By Rick Klein: Is this another kind of deal that rhymes with “pretty”? For a third straight day, senators will convene on Wednesday to consider financial reform, and Democrats appear likely to lose another round. Yet Republicans are playing some defense at the moment. And they may not ultimately like taking the sides that leave them unified. For all the heady optimism of 2010 — as a new poll shows vast disaffection with incumbents, and even as a pair of special elections may allow them to start their winning streak a bit early… The signs are there from Arizona to Florida — in primaries and tea parties and filibusters alike. Some of the GOP’s leading lights are struggling with a new immigration law in Arizona that’s not likely to help the party with minority voters. In Florida, Gov. Charlie Crist stands on the precipice of going his own way — writing a story he’ll tell through the fall. And the Democrats are laying plans for November…. Meet the “Results Party.” DNC Chairman Tim Kaine, in remarks he’ll deliver to reporters at a luncheon in Washington Wednesday, previewing the fall strategy: “At a time when many Americans doubted the capacity of government to tackle and solve big problems, we have shown that we are the Results Party. We act decisively to solve problems that confront Americans in their homes, businesses, schools and communities. And, most of what we have done has been in the face of Republican obstruction trying to protect a special interest status quo that has not worked for the American people. So, voters will have a clear choice between continued progress and a return to the failed policies that created the biggest period of economic decline since the Great Depression.” “Republicans have obstructed the president and worked to defeat his and the Democrats’ agenda for one primary reason – political calculation. They have placed their own politics above progress on our nation’s most pressing issues.” More from Kaine: “Increasingly concerned about a demoralized base, Democratic Party leaders are accusing opponents of trying to delegitimize President Barack Obama and of preparing to suppress the votes of minority and poor voters in the November election,” The Wall Street Journal’s Jonathan Weisman and Peter Wallsten report. Kaine plans to say: “We know the Republican Party still seeks to suppress the vote and initiate arbitrary challenges, particularly challenging minority and low-income voters.” From the new DNC ad launching Wednesday on DC and national cable — to run through next week: “When it came to Wall Street reform that would protect consumers and prevent future bailouts… every Senate Republican voted no,” the ad states. “Republicans stood by as Wall Street ran wild. Tell Republicans — if they side with Wall Street over Main Street, you won’t be siding with them.” As things churn on the Hill — with a 12:20 vote on proceeding to the financial regulatory reform bill, the third such vote in three days… Goldman Sachs Chairman and CEO Lloyd Blankfein, to ABC’s Claire Shipman, on whether the firm shoulders some blame for the financial crisis: “Yes, we do. The financial system failed, and Goldman Sachs is a very influential member of the financial system. We have our share of the burden on that.” On the need for action: “Washington has a responsibility to respond to the events of the last several years by enacting some kind of financial reform.” Democrats are building on Blankfein — and what side would you want to be on? “Politicians like nothing more than a convenient foil, and Democrats locked in a stubborn impasse with Republicans over new rules to govern Wall Street believe they have found a gold-plated one in Goldman Sachs,” Carl Hulse reports in The New York Times. “The hearings were the culmination of a Democratic strategy to take full advantage of the opportunity created by the S.E.C. civil case.” “Obama aides are practically giddy about the turn of events,” The Washington Post’s Michael D. Shear reports. “The White House and Democratic allies are relishing the rhetorical gift that Republicans have given them. They have once again described the GOP as the party of “no.” And they have sought to paint them as the defenders of greedy and irresponsible Wall Street moguls.” President Obama, in Ottumwa, Iowa: “I’m not even asking them to vote for the bill. I just want to let them debate it,” he said, per ABC’s Jake Tapper and Sunlen Miller. “That’s the case that Democrats will be making over and over,” Tapper reported on “GMA.” Senate Majority Leader Harry Reid: “Republicans will have more opportunities to show whose side they are truly on.” Democratic Senatorial Campaign Committee Chairman Bob Menendez, D-N.J.: “This is political dynamite, and I think Republicans have lit the fuse,” he said, per Bloomberg’s Lisa Lerer. The gamble: “Republicans are voting ‘no’ so that some of them can get to ‘yes’ on tightening the reins on Wall Street,” the AP’s Jim Kuhnhenn reports. “Democrats scheduled another vote for Wednesday to sustain pressure on Republicans in the expectation that some incremental changes to the pending bill ultimately would force several Republicans to relent and back the legislation.” “Senate Democrats think they have figured out how to go on offense against a united GOP intent on watering down and frustrating their agenda: Make them vote. Again, and again, and again, if need be,” Roll Call’s Steven T. Dennis and Jessica Brady report. Stop wondering why people don’t get Washington: “Both sides were posturing with an eye on November’s congressional elections,” McClatchy’s David Lightman reports. “Still, at the same time, Senate negotiators continued cordial private talks aimed at reaching a bipartisan deal.”  How many of these stories with the GOP want to take? “President Obama went to the heartland to pitch financial reform Tuesday, but unimpressed Senate Republicans blocked the overhaul for a second straight day,” The New York Daily News’ Kenneth R. Bazinet and Michael McAuliff report. (But — as a savvy GOP aide points out — The Washington Post story is on A12 Wednesday, after leading the paper Tuesday.) While the waiting continues: “Rifts are developing among Senate Democrats over regulating the multitrillion-dollar market for financial derivatives,” The Hill’s Silla Brush reports. “Some Democrats are concerned it might go too far and suffocate the market. Others, meanwhile, are starting to eye even stronger provisions.” About the senator from Nebraska: “Senator Ben Nelson owned with his wife as much as $6 million worth of stock in Warren Buffett’s Berkshire Hathaway Inc. and supported an exemption to proposed derivatives rules sought by the Omaha, Nebraska, company,” Bloomberg’s Jonathan D. Salant and James Rowley report. Out of Goldman’s day: “The firm appeared to avoid major setbacks in its legal fight against regulators’ charges that it defrauded investors in one big subprime-mortgage deal. Goldman’s stock was slightly up on a day when the European debt crunch hit other financial shares,” The Wall Street Journal’s John D. McKinnon and Susanne Craig report. “But the political and public-relations damage for Goldman — and Wall Street more broadly — might have been more extensive.” Who wins, exactly? Maureen Dowd: “Luckily for Goldman, greed may trump ethics. The firm’s stock closed higher Tuesday. Wholesale olive oil closed higher as well.” ABC’s Jonathan Karl, on “Good Morning America” Wednesday: “We finally found something that unites Democrats and Republicans on Capitol Hill: They don’t like Goldman Sachs.” More on the day’s hearing, from Karl, Alice Gomstyn, and Matthew Jaffe. Glimpse of your landscape: “A third of registered voters are inclined to reelect their representatives in Congress, the fewest since the Republican Party rode voter discontent to control of the House and Senate 16 years ago, according to a new ABC News-Washington Post poll,” ABC Polling Director Gary Langer writes. “The finding is one of a variety of challenges for President Obama and his party in the current political climate, ranging from the tactical, such as weak support among senior citizens, to the thematic, including long-running economic anxiety and the hazardous big-government label he now wears. But the Democrats push back on other measures, including an improved lead in trust to handle the country’s problems overall; Obama’s continued majority job approval, now 54 percent; and an advantage for the president over the Republicans specifically on three heavy-hitter issues, the economy, health care and financial regulations.” A bounce, perhaps? “Those polled also say they trust Obama over Republicans in Congress to deal with the economy, health care and, by a large margin, financial regulatory reform,”the Post’s Dan Balz and Jon Cohen report. “And the president continues to get positive marks on his overall job performance, with, for the first time since the fall, a majority of independents approving.” Meanwhile, out there: “Obama’s two-day trip through Iowa, Missouri and Illinois is an opportunity for him to showcase his efforts on behalf of rural America, but it is also a chance for him to try out a populist message intended to rally his base in time for the fall campaign,” The Washington Post’s Scott Wilson reports. “On Tuesday, Obama shucked his tie, drank old coffee and told audiences that his principal motivation is to ‘restore the sense of security to the middle class.’ ” Tying it all together: “President Barack Obama told Iowans Tuesday that Senate Republicans’ opposition to a financial regulation bill was standing in the way of an accelerating economic recovery,” the Des Moines Register’s Thomas Beaumont and Jason Clayworth report. Obama, on the new Arizona immigration law: “Now suddenly if you don’t have your papers and you took your kid out to get ice cream, you’re going to be harassed, that’s something that could potentially happen.” The pushback: “Here’s a phrase you’ll be hearing from GOPers more going forward: ‘Credibility gap,’ ” The Plum Line’s Greg Sargent writes. “On the House floor [Tuesday], John Boehner uncorked a harsh attack on Obama and Dems, using the phrase multiple times, and a GOP staffer confirms it will be gaining currency among Republicans in the days and weeks ahead.” And you want to talk jobs? The US Chamber of Commerce is hosting its own bipartisan jobs summit Monday in Washington. From the release going out Wednesday: “As part of its Campaign for Free Enterprise, the U.S. Chamber is bringing together eight leading governors next Monday for a discussion on job creation and the release of its ‘Enterprising States’ study, an in-depth look at state-specific policy efforts to foster job growth. Chamber President Thomas Donohue and Margaret Spellings, former Education Secretary and executive vice president of the National Chamber Foundation, will host Tim Pawlenty of Minnesota, Haley Barbour of Mississippi, Bill Richardson of New Mexico, Donald Carcieri of Rhode Island, Phil Bredesen of Tennessee, Joe Manchin of West Virginia, Jack Markell of Delaware, and Rick Perry from Texas for a day-long discussion and press briefing.” Unpacking some immigration politics: “The immigration flare-up that has engulfed Washington has emerged as a political challenge for Republicans and Democrats alike as they struggle to deal with the complexities and emotions of an issue that is scrambling party and geographic lines,” Adam Nagourney writes in The New York Times. “On Tuesday, two prominent Republicans in Florida, another state with a big immigrant population — Jeb Bush, the former governor, and Marco Rubio, a candidate for the Senate — expressed reservations about the Arizona law, even as other Republican lawmakers supported it.” Rubio: “Throughout American history and throughout this administration we have seen that when government is given an inch it takes a mile.” Jeb Bush: “It’s difficult for me to imagine how you’re going to enforce this law. It places a significant burden on local law enforcement and you have civil liberties issues that are significant as well,” he tells Politico’s Jonathan Martin. Sen. Lindsey Graham, R-S.C.: “Good people are so afraid of an out of control border that they have to resort to a law that I think is unconstitutional.” Breaking down the races… “In the House, Democrats appear to have more to lose from revisiting immigration reform, since many of the party’s most vulnerable members hail from culturally conservative districts,” Politico’s Josh Kraushaar reports. “At the same time, there are a number of targeted Democratic members representing Hispanic-heavy districts who could benefit from Republican overreaching on immigration, which could have the effect of energizing Democratic turnout.” Boycotts… “San Francisco Mayor Gavin Newsom announced [Tuesday] a moratorium on official city travel to Arizona after the state enacted a controversial new immigration law that directs local police to arrest those suspected of being in the country illegally,” the San Francisco Chronicle’s John Cote reports. “On Tuesday, seven members of the Los Angeles City Council signed a proposal for a boycott, calling for the city to “refrain from conducting business” or participating in conventions in Arizona,” the Los Angeles Times’ Anna Gorman and Nicholas Riccardi report. USA Today’s Kevin Johnson: “Mexico issued an unusual alert Tuesday to Mexican citizens in Arizona. The country warned that the state’s adoption of a strict immigration enforcement law has created ‘a negative political environment for migrant communities and for all Mexican visitors.’ ” Full speed? “Three days after climate change legislation lost its top Republican supporter, Senator John F. Kerry declared yesterday that he was nonetheless moving ‘full speed ahead’ on the bill. His efforts got a potential boost as Senate majority leader Harry Reid said that he would accommodate a Republican demand by putting Kerry’s bill ahead of immigration legislation on the agenda,” The Boston Globe’s Matt Viser and Susan Milligan report. White House Deputy Press Secretary Bill Burton, aboard Air Force One: “I think there’s wide agreement that more progress has been made on energy.” Any wonder about why this is going to be tough? “President Obama said Tuesday that ‘everything has to be on the table’ for a new commission examining the federal deficit, a position that raises the possibility that he could revisit the most expensive provisions of his new health-care law or backtrack on his pledge not to raise taxes for the middle class,” The Washington Post’s Lori Montgomery reports. In Florida, the wait is almost over: “I sort of imposed a deadline on myself of Thursday, so I look forward to coming to a conclusion by then,” Gov. Charlie Crist, R-Fla., told reporters Tuesday. Chris Cillizza — who adds a title on Wednesday, as managing editor of the newly launched “Conversations with Florida Republicans — those close to Crist and those not — reveal a broad consensus that some time either today or, more likely, tomorrow, he will announce that he is switching parties to become an independent. According to multiple Republican sources, Crist conducted a poll on Monday and Tuesday to test his viability as an independent and got numbers back that encouraged him that there was a path to victory running without any major party affiliation.” SCOTUS positioning… Sen. Jeff Sessions, R-Ala., ready to press the nominee on the Obama agenda: “It’s pretty clear to me that President Obama sees judges as allies in an effort to promote an agenda he thinks is best for the country,” Sessions told ABC News. “And it’s a poison in our legal system, and the American people are not happy about it. They see it for what it is, and they don’t think that courts ought to be there to rubber-stamp President Obama’s or anybody’s agenda.” Your must-read book of the spring: “Laura Bush has finally opened up publicly about the mysterious car accident she had when she was 17, a crash that claimed the life of a high school friend on a dark country road in Midland, Tex.,” Anahad O’Connor reports in The New York Times. “In her new book, ‘Spoken From the Heart,’ Ms. Bush describes in vivid detail the circumstances surrounding the crash, which has haunted her for most of her adult life and which became the subject of questions and speculation when it was revealed during her husband’s first presidential run.” “Ms. Bush also suggests, apparently for the first time, that she, Mr. Bush, and several members of their staff may have been poisoned during a visit to Germany for a G8 Summit. They all became mysteriously sick, and the president was bedridden for part of the trip. The Secret Service investigated the possibility they were poisoned, she writes, but doctors could only conclude that they all contracted a virus.” Wait — nobody got fired? “None of the Securities and Exchange Commission employees caught using government computers to view pornographic images has been fired, according to the agency,” The Washington Post’s Ed O’Keefe reports. “The SEC inspector general investigated 28 employees and five contractors for accessing inappropriate images and Web sites. … Of the employees, eight resigned and six were suspended for periods lasting one to 14 days, the inspector general, H. David Kotz, said in an letter Tuesday to Sen. Charles E. Grassley (R-Iowa). Five were issued formal reprimands, six were issued informal counseling or warning letters, and three are currently facing disciplinary action.” Wednesday night in Washington — from the Atlantic Council: “U2 lead singer and ONE founder Bono and President Bill Clinton will receive top honors at the Atlantic Council’s annual leadership awards event at the Ritz Carlton on Wednesday evening. Other honorees include Deutsche Bank chief executive Dr. Josef Ackermann, French Air Force General Stéphane Abrial and U.S. Marine Corps General James Mattis.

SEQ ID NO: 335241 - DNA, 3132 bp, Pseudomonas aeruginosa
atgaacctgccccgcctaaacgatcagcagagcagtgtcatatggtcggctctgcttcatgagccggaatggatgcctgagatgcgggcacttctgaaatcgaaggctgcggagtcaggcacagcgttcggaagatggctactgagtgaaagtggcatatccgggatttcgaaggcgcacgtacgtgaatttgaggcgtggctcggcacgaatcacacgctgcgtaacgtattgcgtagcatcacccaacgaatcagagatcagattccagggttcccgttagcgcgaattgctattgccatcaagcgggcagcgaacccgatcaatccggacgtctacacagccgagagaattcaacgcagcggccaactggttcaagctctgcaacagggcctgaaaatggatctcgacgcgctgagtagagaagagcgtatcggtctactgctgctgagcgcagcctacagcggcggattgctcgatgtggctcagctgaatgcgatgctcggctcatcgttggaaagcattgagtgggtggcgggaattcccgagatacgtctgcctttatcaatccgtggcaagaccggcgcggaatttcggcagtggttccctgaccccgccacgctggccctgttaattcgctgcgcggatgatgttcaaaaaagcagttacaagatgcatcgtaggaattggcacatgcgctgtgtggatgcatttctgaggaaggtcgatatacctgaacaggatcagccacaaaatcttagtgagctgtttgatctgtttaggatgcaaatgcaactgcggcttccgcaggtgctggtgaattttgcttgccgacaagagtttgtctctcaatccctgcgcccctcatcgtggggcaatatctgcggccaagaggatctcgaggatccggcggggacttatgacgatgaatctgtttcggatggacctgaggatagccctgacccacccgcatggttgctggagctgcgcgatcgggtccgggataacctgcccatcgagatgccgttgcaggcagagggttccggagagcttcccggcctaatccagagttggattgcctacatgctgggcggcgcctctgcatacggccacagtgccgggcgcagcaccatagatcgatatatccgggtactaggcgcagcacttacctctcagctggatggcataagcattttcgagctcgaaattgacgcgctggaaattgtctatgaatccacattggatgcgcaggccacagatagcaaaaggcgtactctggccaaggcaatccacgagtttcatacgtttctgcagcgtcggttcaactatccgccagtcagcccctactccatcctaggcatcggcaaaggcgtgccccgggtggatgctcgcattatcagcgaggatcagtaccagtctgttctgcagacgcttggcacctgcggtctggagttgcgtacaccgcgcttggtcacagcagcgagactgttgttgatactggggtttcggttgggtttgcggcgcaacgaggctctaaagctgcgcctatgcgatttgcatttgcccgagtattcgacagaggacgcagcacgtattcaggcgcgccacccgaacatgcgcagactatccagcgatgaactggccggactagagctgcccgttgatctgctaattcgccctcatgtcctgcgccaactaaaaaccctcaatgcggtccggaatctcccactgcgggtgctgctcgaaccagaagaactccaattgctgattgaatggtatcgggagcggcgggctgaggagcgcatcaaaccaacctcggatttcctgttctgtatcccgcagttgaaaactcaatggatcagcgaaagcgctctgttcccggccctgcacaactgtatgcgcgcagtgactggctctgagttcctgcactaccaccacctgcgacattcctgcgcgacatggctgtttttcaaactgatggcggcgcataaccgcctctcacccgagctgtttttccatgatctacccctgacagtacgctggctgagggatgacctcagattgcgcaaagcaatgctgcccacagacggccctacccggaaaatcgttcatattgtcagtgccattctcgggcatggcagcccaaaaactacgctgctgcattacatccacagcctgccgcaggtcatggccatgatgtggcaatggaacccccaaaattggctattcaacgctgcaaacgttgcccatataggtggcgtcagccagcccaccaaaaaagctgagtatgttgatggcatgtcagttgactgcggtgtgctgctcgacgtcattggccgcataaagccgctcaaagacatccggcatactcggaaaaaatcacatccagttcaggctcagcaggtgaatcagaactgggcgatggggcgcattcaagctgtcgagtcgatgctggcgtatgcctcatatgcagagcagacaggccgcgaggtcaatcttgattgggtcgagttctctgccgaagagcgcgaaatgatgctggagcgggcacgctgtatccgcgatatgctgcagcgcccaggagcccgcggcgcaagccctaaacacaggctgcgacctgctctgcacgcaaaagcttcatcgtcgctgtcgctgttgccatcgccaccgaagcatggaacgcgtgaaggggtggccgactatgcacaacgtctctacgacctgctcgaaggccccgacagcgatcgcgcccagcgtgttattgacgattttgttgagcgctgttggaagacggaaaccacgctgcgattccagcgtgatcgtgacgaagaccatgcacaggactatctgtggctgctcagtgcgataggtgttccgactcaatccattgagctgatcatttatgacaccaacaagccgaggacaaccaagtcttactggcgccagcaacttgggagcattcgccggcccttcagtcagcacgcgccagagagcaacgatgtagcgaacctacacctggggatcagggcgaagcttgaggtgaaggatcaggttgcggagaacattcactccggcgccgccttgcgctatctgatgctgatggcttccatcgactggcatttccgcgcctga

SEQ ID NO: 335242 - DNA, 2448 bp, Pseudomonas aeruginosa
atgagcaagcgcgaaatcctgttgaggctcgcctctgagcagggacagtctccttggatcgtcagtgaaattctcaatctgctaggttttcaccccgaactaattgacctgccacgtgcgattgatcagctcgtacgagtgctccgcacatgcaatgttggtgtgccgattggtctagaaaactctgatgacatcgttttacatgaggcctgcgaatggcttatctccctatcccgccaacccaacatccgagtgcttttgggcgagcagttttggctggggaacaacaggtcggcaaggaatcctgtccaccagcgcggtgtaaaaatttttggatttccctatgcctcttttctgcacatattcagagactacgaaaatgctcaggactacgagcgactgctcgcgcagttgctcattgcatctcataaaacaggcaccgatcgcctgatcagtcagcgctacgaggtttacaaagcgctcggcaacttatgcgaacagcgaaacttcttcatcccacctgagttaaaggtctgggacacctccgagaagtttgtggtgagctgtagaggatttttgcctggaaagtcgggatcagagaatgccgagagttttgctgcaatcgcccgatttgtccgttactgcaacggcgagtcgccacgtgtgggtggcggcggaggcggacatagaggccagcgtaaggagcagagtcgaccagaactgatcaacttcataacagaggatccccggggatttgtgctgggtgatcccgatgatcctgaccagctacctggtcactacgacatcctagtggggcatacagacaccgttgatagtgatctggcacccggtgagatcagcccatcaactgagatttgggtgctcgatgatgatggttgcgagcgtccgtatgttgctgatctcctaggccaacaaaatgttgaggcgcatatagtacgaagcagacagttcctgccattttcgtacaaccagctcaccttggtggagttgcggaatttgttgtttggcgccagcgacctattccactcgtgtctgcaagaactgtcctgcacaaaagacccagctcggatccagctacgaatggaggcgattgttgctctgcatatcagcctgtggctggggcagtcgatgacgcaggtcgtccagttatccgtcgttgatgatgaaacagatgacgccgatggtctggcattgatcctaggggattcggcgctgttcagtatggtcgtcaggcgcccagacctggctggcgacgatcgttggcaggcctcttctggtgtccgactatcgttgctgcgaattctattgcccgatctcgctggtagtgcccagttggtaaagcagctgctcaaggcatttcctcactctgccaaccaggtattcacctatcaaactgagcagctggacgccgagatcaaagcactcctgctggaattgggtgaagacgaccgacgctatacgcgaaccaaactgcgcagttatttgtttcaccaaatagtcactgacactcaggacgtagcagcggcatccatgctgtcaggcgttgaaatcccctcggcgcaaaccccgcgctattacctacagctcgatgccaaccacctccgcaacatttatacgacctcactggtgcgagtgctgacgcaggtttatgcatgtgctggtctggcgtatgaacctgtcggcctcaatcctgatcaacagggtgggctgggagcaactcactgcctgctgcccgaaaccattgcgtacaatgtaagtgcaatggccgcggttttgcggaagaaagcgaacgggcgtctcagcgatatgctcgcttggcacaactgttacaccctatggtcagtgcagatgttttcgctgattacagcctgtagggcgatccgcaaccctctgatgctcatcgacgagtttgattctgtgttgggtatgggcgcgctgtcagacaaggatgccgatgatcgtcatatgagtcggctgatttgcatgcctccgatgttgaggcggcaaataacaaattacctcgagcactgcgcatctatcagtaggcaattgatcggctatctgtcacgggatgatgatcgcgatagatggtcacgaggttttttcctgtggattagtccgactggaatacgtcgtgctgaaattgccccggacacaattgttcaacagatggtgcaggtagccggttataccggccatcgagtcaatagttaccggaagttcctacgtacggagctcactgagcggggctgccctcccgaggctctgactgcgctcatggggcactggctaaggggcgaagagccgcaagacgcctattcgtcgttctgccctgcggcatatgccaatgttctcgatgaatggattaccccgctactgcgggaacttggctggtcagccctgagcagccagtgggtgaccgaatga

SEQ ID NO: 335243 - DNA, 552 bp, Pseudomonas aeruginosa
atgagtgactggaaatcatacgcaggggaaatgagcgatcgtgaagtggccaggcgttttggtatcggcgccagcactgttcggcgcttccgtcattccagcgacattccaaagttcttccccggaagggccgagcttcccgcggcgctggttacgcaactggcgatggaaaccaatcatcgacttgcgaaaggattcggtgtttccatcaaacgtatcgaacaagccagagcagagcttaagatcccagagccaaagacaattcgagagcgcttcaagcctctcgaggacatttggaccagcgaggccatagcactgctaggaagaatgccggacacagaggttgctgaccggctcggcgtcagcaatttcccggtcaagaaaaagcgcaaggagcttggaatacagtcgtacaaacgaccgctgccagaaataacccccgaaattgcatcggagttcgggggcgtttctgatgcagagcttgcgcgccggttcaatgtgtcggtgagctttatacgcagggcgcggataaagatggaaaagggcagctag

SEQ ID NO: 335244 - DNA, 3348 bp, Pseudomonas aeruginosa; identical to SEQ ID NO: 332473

National Security Advisor General James Jones, Sen. John McCain, Sen. Chuck Hagel and Admiral Mike Mullen, Chairman of the Joint Chiefs of Staff, and Atlantic Council president and CEO Fred Kempe will be among those sharing the stage.”
The Kicker: “If your question is ‘Can I beat you in HORSE?’ the answer is yes.” — President Obama, loving Iowa. “Do you think it was a sh**ty deal?” — Sen. Carl Levin, D-Mich., getting a colorful day rolling.